by Amy Frearson
Completed in 1996, Therme Vals is widely regarded as one of the most important projects of Swiss architect Zumthor, whose accolades include the Pritzker Prize and the Royal Gold Medal.
Built over the only thermal springs in Switzerland's Graubünden Canton, the hotel and spa is celebrated for offering a sensory experience of hot and cold, light and shadow, and materiality.
The building is partially submerged into the hillside and is covered by a grass roof, making it almost invisible from behind.
Its walls are made from a locally quarried quartzite stone, built up in layers to create multi-toned stripes. Windows are set within wide recesses, revealing the unusual depth of these walls.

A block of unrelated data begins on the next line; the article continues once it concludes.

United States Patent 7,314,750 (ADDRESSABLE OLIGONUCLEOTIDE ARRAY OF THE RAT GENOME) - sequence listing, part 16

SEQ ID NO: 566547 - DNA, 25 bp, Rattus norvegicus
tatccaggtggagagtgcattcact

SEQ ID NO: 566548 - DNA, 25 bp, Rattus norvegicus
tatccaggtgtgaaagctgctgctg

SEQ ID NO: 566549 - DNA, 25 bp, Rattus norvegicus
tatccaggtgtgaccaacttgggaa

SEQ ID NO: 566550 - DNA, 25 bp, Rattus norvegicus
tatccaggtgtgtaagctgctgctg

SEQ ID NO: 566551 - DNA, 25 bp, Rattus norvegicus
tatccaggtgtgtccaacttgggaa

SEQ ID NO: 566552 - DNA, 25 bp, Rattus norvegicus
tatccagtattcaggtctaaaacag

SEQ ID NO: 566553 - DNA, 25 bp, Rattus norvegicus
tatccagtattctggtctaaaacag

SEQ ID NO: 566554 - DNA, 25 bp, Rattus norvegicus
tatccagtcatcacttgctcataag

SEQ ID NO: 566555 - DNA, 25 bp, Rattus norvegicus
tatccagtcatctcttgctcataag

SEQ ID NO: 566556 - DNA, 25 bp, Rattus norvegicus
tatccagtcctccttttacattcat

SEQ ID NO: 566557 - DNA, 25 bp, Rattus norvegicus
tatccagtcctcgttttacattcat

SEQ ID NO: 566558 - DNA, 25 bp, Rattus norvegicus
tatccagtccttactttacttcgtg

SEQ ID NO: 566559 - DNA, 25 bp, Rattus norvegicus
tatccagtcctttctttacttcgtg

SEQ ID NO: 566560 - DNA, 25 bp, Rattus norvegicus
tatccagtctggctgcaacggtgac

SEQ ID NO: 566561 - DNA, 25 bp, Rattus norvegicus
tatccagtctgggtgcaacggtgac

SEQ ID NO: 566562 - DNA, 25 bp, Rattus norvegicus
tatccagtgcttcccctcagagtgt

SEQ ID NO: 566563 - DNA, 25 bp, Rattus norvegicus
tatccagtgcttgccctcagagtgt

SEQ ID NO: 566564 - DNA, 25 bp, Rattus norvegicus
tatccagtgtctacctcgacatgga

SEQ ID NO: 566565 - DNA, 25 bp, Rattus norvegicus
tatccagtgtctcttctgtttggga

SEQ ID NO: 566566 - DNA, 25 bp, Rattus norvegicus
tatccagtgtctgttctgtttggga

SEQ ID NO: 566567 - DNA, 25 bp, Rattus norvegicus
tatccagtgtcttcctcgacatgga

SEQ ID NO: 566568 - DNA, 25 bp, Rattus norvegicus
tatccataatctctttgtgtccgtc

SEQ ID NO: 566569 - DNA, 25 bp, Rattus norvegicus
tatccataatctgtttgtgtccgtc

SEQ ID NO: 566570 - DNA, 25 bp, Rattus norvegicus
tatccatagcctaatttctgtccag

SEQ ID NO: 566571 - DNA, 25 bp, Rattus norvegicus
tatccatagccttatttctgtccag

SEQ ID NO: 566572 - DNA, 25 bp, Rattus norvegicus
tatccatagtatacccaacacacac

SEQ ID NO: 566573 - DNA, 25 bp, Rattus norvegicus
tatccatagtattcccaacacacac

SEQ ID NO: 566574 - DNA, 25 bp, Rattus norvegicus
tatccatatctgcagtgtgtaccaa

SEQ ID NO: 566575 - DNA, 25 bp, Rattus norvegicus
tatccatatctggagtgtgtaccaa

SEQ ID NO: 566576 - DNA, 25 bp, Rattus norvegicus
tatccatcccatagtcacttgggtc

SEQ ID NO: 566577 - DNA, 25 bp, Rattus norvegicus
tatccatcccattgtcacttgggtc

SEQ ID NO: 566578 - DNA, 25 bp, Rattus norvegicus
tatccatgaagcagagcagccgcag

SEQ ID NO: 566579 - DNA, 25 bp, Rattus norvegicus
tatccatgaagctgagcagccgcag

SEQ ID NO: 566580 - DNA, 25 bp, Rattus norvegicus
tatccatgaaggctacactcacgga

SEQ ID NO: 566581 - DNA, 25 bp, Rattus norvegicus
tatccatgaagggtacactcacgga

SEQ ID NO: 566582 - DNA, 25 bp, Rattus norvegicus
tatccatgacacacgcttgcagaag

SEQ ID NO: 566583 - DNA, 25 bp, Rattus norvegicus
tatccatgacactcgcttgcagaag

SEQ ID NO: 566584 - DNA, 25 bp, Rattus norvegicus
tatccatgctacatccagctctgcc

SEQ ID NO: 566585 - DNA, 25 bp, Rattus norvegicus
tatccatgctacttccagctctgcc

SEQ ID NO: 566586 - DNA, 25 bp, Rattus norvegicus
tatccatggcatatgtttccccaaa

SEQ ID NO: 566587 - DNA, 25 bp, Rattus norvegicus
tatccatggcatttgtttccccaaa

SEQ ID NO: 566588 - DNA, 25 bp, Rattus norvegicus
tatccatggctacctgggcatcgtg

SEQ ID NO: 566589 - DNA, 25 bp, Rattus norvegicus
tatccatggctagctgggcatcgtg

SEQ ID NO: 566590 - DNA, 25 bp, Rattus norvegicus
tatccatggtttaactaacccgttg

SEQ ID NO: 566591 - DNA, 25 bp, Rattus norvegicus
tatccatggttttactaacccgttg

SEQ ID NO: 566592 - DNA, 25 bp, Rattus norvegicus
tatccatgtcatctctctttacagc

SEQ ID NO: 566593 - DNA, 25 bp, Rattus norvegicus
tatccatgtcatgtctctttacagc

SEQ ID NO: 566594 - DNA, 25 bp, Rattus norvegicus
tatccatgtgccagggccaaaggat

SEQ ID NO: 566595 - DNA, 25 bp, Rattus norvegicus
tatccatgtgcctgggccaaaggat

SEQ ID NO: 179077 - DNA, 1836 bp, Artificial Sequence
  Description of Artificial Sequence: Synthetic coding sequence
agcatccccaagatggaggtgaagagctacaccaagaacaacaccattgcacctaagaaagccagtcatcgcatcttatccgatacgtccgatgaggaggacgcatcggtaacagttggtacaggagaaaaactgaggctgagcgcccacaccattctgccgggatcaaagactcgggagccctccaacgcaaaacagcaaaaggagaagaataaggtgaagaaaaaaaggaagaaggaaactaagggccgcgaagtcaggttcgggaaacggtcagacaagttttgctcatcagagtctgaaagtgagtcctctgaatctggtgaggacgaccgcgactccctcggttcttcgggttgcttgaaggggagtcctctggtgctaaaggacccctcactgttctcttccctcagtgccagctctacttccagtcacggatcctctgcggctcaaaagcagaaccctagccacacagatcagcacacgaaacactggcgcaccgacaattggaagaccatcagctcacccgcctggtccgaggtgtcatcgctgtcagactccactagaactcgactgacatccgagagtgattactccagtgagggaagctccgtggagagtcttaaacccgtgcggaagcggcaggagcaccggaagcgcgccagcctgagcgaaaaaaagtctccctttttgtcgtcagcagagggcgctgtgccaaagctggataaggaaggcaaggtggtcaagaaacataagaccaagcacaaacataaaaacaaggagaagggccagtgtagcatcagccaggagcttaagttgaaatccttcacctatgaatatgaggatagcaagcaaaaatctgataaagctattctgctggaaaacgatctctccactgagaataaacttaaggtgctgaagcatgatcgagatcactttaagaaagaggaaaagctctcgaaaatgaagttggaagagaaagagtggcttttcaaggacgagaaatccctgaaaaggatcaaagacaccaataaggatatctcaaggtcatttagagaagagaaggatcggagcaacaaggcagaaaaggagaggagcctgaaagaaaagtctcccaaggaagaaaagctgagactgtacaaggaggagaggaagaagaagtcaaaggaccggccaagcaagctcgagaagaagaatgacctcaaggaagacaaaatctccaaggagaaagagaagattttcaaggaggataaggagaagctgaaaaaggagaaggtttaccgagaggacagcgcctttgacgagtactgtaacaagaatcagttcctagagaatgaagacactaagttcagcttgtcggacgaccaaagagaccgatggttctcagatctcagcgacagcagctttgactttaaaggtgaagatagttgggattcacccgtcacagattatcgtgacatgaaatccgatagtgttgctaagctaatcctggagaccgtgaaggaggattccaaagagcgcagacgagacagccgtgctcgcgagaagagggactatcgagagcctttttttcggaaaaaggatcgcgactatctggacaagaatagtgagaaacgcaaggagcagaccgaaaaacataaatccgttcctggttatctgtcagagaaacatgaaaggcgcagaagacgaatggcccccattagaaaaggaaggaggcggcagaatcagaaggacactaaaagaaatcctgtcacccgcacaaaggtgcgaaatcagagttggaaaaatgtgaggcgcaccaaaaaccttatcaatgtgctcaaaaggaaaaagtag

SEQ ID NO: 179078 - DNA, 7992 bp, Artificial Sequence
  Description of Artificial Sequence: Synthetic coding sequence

These stone surfaces continue inside the building but are contrasted with other materials, ranging from homogeneous concrete to polished terrazzo.
Black leather curtains screen changing booths lined with red mahogany, while details such as door handles and taps are picked out in bronze.
Both indoors and outdoors, the baths themselves offer a variety of different experiences. Temperatures vary from a frosty 10 degrees Celsius up to a more leisurely 42.